Award-winning comic Derek Seguin talks Newfoundland love, paying his dues and putting a twist on the everyday-man ahead of his double-duty at the LSPU Hall
Few comedians outside of Newfoundland and Labrador have struck comedy paydirt with material directly pertaining to our own. Almost none, in fact – and certainly none who hold the island in as high regard as does Montreal’s Derek Seguin.
But so is the case for Seguin, whose bit ‘The Newfie Octopus’ has become a fan favourite.
“That particular bit has been quite good for me,” Seguin laughs, ahead of a pair of performances in St. John’s this January.
We’ll save the particulars of the lengthy joke for the man to tell himself, but Seguin does have plenty to say on the artistic pedigree, and the hospitality, of Newfoundlanders and Labradorians.
“For a small town I find it’s a very culturally rich city. Not just St. John’s – the music and food in Newfoundland, everything is really great,” Seguin says. “The people are really not comparable. The whole Come From Away thing, it’s beautiful that this personality of a place can be an ambassador for Canada. If everyone thought we were this nice, s**t, that would be great.”
Seguin himself is a relatively late-bloomer to stand-up comedy. Kick-starting his aspirations in his ’30s, Seguin found himself making a full-time living, remarkably, after only four years. Early career hallmarks include a win at the Sirius XM Radio Top Comic, land a regular spot on CBC Radio’s The Debaters, as well as a high-profile Just For Laughs gig,
“I only started dabbling at 31, so I was definitely a late bloomer,” he explains. “Even then there was no talk that this would be my career. It was feeling too big to dream that way.”
Though the road to becoming a sought-after commodity was not without its hiccups, Seguin explains. “I quit my job in 2005 when I got my first Just For Laughs Festival,” he recalls. “They gave me my own O Canada TV special. I was like ‘Oh my god! I’m going to be a huge star!’ As soon as the festival was finished I went back to making like $25 to $30 per set and realized, ‘Holy cow I need a job.’ I started working as a freelance advertising consultant and opened my own company basically. I really overestimated the ascension of my career too, that was very much a miscalculation.”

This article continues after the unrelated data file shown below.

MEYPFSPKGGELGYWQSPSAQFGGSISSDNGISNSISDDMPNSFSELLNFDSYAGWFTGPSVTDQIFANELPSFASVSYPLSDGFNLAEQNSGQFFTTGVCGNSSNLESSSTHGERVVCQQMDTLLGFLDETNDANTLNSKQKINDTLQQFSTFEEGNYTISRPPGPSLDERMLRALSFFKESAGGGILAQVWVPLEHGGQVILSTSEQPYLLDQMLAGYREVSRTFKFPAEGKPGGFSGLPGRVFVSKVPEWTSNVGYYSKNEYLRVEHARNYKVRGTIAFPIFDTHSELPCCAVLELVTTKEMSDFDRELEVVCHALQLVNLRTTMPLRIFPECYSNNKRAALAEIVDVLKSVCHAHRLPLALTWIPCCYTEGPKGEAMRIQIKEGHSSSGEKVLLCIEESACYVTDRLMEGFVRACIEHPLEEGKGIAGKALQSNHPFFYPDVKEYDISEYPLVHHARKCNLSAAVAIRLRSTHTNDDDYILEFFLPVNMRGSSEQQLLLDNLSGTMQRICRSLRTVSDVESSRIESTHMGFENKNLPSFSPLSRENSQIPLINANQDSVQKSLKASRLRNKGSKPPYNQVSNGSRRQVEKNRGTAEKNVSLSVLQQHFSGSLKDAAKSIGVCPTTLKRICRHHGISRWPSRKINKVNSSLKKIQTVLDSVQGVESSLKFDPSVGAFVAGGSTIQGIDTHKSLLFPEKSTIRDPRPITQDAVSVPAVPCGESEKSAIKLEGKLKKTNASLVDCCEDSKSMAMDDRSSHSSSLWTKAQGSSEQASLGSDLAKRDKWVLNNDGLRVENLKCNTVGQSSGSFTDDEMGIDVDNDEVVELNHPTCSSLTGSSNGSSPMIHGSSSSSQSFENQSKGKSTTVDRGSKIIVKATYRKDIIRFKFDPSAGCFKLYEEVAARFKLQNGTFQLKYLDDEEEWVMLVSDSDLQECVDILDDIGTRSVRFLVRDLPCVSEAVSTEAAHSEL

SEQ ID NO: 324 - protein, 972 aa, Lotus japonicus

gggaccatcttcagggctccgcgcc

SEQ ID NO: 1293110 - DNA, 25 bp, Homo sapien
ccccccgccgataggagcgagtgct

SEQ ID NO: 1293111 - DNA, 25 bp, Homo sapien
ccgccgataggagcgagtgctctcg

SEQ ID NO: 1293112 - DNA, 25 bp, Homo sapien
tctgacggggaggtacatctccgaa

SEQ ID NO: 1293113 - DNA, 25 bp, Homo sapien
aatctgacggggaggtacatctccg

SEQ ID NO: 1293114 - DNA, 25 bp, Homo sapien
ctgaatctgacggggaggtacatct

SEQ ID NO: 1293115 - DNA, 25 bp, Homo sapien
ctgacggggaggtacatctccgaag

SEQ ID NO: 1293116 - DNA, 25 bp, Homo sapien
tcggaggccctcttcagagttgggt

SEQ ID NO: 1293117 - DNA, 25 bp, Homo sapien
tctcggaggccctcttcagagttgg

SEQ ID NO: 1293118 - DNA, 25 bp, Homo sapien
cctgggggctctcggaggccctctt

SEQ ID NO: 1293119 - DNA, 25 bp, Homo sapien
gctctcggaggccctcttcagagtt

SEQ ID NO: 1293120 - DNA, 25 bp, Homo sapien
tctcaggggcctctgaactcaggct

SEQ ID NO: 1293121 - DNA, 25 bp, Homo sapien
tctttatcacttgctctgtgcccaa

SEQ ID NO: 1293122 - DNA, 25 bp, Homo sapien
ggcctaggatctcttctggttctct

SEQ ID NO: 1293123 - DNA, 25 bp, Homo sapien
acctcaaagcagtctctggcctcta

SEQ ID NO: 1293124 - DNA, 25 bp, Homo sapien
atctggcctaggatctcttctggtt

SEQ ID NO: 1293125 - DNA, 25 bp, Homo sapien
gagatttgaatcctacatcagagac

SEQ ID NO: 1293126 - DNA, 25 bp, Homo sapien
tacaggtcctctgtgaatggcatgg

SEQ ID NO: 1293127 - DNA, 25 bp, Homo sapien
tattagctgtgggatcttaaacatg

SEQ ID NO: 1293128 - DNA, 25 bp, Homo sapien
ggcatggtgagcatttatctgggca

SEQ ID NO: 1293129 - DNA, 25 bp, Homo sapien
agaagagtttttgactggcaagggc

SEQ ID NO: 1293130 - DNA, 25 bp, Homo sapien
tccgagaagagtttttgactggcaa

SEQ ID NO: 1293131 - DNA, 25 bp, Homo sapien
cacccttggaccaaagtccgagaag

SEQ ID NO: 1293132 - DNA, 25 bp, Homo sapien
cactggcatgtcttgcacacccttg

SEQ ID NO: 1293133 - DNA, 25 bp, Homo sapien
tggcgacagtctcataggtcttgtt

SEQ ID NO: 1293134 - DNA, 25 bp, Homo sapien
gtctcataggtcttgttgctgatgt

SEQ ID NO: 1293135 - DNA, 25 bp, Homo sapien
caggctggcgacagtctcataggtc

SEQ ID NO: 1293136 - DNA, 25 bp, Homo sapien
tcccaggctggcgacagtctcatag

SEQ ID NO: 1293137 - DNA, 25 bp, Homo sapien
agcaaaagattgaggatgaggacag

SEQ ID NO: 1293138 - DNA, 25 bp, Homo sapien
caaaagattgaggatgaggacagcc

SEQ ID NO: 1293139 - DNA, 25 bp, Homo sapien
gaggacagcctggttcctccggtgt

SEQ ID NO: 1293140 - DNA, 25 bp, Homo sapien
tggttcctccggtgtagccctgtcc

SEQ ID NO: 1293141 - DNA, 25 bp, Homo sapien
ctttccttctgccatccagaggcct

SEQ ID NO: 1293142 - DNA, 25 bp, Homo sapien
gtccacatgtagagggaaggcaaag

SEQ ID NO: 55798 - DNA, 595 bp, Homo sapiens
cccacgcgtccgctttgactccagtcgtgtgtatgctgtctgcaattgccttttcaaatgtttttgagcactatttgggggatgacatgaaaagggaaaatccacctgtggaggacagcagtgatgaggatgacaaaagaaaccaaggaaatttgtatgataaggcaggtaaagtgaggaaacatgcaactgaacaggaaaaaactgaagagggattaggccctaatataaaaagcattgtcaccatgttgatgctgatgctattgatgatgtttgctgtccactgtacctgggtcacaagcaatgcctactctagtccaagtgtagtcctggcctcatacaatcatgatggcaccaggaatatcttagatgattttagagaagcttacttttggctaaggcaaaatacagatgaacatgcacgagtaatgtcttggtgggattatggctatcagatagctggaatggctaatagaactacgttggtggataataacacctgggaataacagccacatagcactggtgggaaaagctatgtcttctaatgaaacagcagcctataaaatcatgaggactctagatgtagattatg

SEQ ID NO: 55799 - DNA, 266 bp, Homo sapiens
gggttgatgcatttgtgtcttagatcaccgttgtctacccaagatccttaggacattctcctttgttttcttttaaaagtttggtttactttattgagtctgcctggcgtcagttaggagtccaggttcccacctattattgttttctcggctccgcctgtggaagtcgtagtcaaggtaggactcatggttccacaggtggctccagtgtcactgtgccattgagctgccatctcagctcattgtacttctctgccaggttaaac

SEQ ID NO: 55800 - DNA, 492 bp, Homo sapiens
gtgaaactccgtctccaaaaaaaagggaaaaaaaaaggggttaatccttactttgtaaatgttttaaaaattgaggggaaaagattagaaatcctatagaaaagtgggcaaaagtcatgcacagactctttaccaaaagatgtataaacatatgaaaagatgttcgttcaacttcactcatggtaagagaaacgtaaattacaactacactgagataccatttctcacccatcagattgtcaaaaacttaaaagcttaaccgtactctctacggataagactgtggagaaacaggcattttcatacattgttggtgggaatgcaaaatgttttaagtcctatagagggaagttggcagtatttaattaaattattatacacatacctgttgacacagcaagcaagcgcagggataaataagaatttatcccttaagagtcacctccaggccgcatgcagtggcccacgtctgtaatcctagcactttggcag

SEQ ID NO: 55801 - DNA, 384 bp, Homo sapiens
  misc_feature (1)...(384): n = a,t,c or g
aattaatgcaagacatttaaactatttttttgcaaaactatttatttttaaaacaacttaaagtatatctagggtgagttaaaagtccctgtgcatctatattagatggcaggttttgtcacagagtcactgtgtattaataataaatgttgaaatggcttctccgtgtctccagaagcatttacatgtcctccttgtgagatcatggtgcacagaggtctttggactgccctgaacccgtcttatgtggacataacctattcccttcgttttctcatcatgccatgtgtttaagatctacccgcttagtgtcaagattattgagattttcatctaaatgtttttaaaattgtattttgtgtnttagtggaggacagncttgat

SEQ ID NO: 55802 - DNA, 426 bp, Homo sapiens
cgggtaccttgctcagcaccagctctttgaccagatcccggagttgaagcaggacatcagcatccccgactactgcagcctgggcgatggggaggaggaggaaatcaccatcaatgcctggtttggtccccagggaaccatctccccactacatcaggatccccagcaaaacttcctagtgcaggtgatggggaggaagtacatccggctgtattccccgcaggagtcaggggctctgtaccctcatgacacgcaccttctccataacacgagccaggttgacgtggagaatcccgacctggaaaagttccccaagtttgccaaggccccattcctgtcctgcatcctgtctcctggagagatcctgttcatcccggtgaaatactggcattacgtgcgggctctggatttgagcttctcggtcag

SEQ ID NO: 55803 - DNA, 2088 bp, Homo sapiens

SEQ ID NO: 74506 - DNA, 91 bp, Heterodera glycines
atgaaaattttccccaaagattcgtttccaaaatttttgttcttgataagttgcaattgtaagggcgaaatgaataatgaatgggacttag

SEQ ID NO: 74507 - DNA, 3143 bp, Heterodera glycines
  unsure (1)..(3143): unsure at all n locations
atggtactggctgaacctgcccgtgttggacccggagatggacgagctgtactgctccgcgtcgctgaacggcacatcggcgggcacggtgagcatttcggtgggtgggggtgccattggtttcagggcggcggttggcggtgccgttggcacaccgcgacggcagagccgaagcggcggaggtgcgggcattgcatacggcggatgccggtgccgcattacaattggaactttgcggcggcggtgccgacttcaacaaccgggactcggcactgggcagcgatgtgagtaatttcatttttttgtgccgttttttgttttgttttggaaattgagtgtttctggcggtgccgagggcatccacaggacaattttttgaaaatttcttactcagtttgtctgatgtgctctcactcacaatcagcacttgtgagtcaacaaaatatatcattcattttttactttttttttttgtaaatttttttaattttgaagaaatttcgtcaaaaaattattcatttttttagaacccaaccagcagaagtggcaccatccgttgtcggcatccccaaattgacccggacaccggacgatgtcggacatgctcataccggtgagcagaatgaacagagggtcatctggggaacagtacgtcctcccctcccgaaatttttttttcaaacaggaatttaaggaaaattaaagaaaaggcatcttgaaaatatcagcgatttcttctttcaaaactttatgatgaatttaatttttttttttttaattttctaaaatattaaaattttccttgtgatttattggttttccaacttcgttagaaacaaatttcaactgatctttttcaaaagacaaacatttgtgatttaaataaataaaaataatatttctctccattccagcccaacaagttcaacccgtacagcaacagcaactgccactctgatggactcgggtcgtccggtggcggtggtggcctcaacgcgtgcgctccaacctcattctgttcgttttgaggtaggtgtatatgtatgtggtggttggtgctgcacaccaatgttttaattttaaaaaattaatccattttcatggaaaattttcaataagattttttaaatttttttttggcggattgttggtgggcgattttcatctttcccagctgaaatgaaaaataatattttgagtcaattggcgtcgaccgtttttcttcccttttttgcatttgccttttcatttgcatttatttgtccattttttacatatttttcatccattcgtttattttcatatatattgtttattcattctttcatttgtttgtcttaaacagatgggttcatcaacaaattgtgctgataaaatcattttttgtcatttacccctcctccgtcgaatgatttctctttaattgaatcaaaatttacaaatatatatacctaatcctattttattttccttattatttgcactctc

Seguin took his last adviser contract in the spring of 2008. He has been performing professionally ever since. He attributes that rapid growth to consistently staying active in the field, and not necessarily falling in to industry tropes.
Practice Makes Perfect
“I was doing a lot volume-wise, a lot of shows to make ends meet,” Seguin says. “A lot of shows is like practice makes perfect. The more shows I did the better I got and the more people wanted to hire me. I got lucky I guess. My ignorance of how the world really works, I think, worked to my advantage.
“Luckily, when I first started I was a fan of comedy but not really a comedy nerd,” he adds. I didn’t really know the inside and outside, only really what was presented to us. A good comedian can always make you feel like this is all spontaneous, the first time you’re saying it. I couldn’t really blank because I always went up there kind of blank. I didn’t have jokes written or anything. I just went up and said try to be funny for whatever amount of time I was given. Only when I started to learn more about it did I start to panic more, like ‘Oh God I have to write more jokes with punchlines and things!”
So what can fans expect from the always entertaining, at times abrasive showman? A dose of reality, to start.
“When it’s my own show and I don’t have the constraints of TV or radio, I guess you can say I’m a little on the edgy-side,” he laughs. “I say a lot of bad words, but I talk really about things that are in everyone’s every day.”
“I’m very much an average Canadian. I have three kids, I have to go to the grocery store and I have neighbours, and I have a girlfriend who is kind of a pain in the ass, all the regular stuff people find relatable. I’m talking about everyone’s life, but it’s my personal experience with it, and then I kind of put a little funny twist to make everyone laugh and when I say ‘my kids are s**theads,’ they know I’m joking. I talk about everyday things, but I don’t censor myself, but I’m not what you’d call dark. I don’t want to hurt anybody, I just want the people who come see me to have a great time and leave with, if anything, sore cheeks or sore stomach muscles from laughing so much. That’s my goal.”
Tickets for Derek Seguin at the LSPU Hall on Jan. 12-13 are available at the box office, online at rca.nf.ca or by phone 753-4531.